The UK NSC recommendation on cytomegalovirus screening in newborns

 
Recommendation Systematic population screening programme not recommended
Last review completed December 2017
Next review due in 2020/21
 
Key downloads
 

Find general information about population health screening.

Why is screening not recommended by UK NSC?

Screening is not recommended because:

  • more evidence is needed to show if testing babies’ saliva would be a suitable screening test
  • it is not known which babies will experience no symptoms and which ones will develop long-term health problems
  • it is likely that screening will find a larger number of babies with the infection who will not have problems from it than those who will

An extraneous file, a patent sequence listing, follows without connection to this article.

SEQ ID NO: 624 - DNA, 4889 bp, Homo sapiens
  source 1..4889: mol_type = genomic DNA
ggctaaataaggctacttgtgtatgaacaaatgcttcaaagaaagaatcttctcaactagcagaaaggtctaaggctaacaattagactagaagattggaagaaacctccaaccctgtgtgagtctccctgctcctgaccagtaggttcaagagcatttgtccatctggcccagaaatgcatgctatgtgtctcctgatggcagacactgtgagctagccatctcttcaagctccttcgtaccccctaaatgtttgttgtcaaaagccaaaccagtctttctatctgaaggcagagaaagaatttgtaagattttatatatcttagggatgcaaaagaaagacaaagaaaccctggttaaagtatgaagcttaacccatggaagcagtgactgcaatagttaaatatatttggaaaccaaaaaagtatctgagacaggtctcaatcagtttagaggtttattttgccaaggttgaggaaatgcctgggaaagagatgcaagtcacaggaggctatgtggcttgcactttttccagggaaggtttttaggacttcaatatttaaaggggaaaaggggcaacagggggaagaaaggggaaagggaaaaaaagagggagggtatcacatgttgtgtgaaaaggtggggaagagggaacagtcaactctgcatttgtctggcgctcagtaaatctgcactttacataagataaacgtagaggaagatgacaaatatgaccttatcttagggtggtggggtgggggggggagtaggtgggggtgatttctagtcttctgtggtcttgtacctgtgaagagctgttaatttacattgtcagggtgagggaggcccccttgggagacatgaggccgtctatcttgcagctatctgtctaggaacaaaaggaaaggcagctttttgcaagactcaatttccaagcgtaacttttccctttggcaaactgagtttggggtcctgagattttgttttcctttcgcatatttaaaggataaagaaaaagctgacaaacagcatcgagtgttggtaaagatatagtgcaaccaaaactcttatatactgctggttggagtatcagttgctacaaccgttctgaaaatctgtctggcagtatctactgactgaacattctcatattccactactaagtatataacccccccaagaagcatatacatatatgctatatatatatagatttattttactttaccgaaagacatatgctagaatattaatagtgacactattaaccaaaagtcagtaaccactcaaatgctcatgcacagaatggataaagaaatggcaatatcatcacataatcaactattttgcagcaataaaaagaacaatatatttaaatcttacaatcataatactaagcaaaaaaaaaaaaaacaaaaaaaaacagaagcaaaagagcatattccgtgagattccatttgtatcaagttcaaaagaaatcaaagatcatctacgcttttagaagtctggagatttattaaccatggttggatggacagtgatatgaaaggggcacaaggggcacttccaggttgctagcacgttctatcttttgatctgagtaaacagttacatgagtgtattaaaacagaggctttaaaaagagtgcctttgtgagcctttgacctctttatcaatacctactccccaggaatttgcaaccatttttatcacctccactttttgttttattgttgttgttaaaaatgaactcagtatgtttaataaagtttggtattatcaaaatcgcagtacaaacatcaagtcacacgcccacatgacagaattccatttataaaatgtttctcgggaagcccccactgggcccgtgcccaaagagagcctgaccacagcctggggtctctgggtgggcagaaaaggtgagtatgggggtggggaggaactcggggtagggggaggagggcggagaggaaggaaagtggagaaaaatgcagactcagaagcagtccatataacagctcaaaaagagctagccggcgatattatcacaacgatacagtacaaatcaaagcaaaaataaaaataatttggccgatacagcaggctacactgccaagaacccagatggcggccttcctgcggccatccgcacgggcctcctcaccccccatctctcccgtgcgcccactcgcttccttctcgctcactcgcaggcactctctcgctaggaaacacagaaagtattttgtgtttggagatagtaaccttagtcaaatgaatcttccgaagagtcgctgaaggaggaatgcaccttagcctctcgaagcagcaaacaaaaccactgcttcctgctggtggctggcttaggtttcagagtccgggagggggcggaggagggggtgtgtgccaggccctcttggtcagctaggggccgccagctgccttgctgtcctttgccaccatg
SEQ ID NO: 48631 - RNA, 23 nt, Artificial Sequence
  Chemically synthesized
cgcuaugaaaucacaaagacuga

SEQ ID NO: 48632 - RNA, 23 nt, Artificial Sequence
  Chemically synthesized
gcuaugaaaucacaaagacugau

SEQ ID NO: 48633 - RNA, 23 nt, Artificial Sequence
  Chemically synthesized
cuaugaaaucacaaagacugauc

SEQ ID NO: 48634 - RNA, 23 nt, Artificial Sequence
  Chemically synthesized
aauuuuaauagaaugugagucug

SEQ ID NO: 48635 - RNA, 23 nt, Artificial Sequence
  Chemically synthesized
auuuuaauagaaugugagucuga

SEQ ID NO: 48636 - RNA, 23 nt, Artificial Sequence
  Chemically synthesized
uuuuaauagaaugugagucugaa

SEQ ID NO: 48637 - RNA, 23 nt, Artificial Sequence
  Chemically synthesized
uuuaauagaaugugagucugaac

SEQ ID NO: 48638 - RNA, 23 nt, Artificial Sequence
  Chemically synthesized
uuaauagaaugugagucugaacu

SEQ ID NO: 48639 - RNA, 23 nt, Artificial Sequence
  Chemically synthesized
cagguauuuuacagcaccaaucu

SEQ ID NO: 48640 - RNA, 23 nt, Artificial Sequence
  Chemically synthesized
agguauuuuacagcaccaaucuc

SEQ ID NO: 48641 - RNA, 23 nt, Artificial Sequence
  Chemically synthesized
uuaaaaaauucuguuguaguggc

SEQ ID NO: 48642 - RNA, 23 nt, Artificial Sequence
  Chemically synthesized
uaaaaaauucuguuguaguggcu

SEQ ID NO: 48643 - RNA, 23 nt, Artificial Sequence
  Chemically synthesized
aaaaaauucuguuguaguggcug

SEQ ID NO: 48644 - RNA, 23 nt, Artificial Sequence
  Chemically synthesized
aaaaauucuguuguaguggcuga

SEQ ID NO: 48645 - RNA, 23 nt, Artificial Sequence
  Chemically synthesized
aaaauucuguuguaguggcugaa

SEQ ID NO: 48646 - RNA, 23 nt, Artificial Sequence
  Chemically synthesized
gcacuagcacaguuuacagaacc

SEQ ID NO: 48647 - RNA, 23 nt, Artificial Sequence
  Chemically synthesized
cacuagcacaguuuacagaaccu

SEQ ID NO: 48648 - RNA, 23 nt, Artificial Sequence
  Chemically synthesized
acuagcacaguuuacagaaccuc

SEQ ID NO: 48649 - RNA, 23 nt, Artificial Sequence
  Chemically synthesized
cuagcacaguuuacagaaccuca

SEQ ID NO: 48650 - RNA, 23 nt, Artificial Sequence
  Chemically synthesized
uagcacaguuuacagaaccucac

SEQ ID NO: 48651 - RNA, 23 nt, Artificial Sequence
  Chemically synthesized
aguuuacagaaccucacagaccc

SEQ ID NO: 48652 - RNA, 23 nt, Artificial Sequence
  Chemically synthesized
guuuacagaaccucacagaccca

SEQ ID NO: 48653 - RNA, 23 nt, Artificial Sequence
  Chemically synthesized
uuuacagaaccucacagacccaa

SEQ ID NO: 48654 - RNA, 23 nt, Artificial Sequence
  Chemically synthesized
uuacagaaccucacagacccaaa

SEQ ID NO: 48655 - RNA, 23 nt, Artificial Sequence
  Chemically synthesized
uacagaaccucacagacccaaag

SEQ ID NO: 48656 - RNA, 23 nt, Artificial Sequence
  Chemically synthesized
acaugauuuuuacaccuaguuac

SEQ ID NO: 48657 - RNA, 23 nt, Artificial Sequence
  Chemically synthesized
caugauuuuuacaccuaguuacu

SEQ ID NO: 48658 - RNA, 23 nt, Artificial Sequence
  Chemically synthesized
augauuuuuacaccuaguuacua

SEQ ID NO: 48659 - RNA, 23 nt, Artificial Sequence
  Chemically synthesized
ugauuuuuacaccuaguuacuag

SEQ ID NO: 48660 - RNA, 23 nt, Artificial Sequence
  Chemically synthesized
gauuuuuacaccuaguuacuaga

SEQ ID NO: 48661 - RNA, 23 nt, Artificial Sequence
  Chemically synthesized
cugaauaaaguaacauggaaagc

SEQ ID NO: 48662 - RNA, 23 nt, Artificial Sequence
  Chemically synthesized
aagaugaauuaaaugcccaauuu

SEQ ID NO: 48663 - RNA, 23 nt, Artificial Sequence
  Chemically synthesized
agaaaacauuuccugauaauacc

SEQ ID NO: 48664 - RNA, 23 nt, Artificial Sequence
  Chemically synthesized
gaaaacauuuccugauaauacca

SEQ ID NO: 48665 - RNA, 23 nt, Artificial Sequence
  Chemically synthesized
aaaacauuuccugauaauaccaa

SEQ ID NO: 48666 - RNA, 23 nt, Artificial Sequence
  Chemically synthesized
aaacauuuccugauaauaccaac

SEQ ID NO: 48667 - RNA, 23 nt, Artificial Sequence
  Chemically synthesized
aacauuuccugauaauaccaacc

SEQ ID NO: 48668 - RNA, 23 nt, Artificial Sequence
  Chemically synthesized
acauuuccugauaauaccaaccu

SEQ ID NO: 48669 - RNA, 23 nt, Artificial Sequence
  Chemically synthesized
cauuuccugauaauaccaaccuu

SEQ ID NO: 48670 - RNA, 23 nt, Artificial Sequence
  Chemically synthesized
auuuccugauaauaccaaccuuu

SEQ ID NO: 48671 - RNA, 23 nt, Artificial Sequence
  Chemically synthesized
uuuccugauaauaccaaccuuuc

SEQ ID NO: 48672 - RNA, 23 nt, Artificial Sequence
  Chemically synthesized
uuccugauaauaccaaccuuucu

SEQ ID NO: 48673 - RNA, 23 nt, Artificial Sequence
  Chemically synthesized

• currently, it is not clear what is the best way of treating children who do not have symptoms

More about Cytomegalovirus

Cytomegalovirus is a common virus which can causes mild flu-like symptoms. It is more serious if a woman catches it for the first time while she is pregnant as she may pass the virus on to her baby. The vast majority of infected babies have no signs of being unwell at birth.

» Read more about cytomegalovirus on NHS Choices

Stakeholders

The British Association of Audiovestibular Physicians
Faculty of Public Health
Royal College of General Practitioners
Royal College of Obstetricians and Gynaecologists
Royal College of Physicians
Royal College of Physicians and Surgeons of Glasgow
Royal College of Physicians of Edinburgh

The stakeholder groups will be involved when the recommendation is next reviewed. If you think your organisation should be added, please contact us. More information for stakeholders can be found in appendix C of the UK NSC evidence review process.

Related documents

icon Evidence summary- cytomegalovirus (2011) (PDF document, 117KB, 19/12/19)

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